There are currently five types of diseases covered by vaccination:
Feline Enteritis – Part of the F 3 Vac. Related to parvovirus of dogs, causes acute vomiting and diarrhoea – frequently fatal. Less common today thanks to vaccination. Vaccination normally pre-requisite for boarding..
Cat Flu – Part of the F3 vac . Includes Feline Herpes and Calicivirus. The most common respiratory contagious disease of cats. Affected cats may develop permanent sinus like symptoms and/or mouth and eye ulcers. Vaccination is a pre-requisite for cattery boarding.
Feline Chlamydia – Generally shows as chronic conjunctivitis or milder respiratory signs. More common within cattery or breeding establishments.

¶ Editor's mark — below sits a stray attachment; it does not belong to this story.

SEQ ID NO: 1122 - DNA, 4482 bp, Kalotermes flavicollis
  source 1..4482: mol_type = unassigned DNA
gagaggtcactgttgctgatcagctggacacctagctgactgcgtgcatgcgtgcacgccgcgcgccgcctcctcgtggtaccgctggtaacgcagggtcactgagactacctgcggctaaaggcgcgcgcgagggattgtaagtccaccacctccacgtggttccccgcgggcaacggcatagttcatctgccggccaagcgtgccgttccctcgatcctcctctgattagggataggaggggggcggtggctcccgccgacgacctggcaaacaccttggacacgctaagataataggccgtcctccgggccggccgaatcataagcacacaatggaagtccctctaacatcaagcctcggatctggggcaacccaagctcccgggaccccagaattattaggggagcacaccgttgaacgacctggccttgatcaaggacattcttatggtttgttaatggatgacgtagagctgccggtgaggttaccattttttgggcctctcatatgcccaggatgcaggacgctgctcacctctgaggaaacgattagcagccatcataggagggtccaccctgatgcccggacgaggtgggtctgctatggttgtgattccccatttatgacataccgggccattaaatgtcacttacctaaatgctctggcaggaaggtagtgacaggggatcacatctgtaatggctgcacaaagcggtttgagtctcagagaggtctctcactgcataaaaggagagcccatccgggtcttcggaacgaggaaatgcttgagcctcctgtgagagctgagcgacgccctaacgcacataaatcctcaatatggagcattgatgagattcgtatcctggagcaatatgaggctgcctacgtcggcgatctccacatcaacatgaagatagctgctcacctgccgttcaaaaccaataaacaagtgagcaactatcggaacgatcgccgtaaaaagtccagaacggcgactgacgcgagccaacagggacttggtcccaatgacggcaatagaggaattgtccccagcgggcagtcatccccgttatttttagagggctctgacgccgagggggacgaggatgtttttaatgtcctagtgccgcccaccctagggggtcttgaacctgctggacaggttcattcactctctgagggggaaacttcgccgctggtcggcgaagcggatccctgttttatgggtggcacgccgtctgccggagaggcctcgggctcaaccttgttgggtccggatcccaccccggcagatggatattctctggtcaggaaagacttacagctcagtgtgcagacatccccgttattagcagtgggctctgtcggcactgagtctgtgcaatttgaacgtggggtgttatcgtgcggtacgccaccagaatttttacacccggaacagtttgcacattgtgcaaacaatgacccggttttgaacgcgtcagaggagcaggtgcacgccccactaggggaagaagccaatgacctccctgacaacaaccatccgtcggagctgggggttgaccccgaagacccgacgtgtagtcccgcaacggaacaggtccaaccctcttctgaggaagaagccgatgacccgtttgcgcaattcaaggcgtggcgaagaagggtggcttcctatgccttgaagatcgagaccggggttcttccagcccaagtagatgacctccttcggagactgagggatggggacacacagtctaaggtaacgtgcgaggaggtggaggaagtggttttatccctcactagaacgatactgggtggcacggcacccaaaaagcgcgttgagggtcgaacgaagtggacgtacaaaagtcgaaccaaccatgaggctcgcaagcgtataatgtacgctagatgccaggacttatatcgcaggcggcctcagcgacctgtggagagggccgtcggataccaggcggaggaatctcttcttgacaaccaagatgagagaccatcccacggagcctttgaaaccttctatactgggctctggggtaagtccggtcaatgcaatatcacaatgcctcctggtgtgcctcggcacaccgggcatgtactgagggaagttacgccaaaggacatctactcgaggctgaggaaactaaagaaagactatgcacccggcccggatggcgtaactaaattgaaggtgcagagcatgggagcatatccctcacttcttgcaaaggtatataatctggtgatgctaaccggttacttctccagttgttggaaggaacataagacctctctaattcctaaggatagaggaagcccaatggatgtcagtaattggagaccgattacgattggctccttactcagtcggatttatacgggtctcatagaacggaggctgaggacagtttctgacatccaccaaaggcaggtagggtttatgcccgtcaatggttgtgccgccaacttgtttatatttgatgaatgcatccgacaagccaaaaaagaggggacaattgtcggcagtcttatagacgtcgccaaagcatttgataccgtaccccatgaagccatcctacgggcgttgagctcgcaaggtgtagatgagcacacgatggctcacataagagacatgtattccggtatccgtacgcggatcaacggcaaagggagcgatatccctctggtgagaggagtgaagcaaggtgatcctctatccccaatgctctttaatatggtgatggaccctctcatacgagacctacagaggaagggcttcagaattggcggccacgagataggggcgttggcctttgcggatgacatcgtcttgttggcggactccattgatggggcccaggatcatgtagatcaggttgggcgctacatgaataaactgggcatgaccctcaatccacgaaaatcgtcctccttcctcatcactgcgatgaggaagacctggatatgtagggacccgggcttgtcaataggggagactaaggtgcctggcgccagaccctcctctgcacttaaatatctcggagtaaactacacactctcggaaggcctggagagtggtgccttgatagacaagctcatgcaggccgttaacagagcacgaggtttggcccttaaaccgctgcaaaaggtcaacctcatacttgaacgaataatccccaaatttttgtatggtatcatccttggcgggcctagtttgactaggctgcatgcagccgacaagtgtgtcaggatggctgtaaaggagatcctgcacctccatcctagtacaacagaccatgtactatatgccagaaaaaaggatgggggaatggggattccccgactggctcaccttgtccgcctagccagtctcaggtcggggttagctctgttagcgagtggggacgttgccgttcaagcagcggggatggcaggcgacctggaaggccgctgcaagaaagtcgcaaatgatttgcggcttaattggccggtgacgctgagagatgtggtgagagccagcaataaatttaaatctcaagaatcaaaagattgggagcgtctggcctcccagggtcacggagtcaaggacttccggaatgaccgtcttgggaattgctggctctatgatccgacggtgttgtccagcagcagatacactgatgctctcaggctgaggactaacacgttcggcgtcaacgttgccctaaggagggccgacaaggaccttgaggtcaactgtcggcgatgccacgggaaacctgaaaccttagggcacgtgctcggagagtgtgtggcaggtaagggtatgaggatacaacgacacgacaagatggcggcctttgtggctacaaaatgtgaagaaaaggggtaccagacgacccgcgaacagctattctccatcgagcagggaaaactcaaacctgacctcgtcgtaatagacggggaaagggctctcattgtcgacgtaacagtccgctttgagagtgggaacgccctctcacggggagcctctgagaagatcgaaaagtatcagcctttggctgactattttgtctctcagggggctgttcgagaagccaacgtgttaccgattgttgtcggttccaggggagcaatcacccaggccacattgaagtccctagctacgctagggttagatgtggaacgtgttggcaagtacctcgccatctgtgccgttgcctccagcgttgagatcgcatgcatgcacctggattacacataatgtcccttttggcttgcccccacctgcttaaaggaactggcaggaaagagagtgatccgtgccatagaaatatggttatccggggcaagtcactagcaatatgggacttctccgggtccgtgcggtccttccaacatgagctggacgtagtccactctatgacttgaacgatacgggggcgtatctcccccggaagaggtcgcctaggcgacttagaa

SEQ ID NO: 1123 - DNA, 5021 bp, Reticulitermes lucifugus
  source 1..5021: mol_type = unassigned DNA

Feline Leukaemia – Less common in Australia but attacks the immune system and may cause tumours in later life. More common in densely populated areas and cities. Spread by saliva (licking, biting ) or via the womb. Cats generally infected and most vulnerable during the first year of life. Vaccination is not 100% reliable and not widely adapted in Australia
Feline Aids – Spread by cat bites and fights in saliva. Outdoor cats and males most at risk during cat fights. Not transmissible to humans. Three vaccines required and prior testing may be needed for older cats . Optional but recommended for outdoor cats .
The basic F3 vaccine for boarding covers Feline Enteritis and Cat Flu. The Vet can advise what additional cover is recommended depending on your cats age and risk profile. Generally vaccines are given around 8 , 12 weeks and 16 weeks.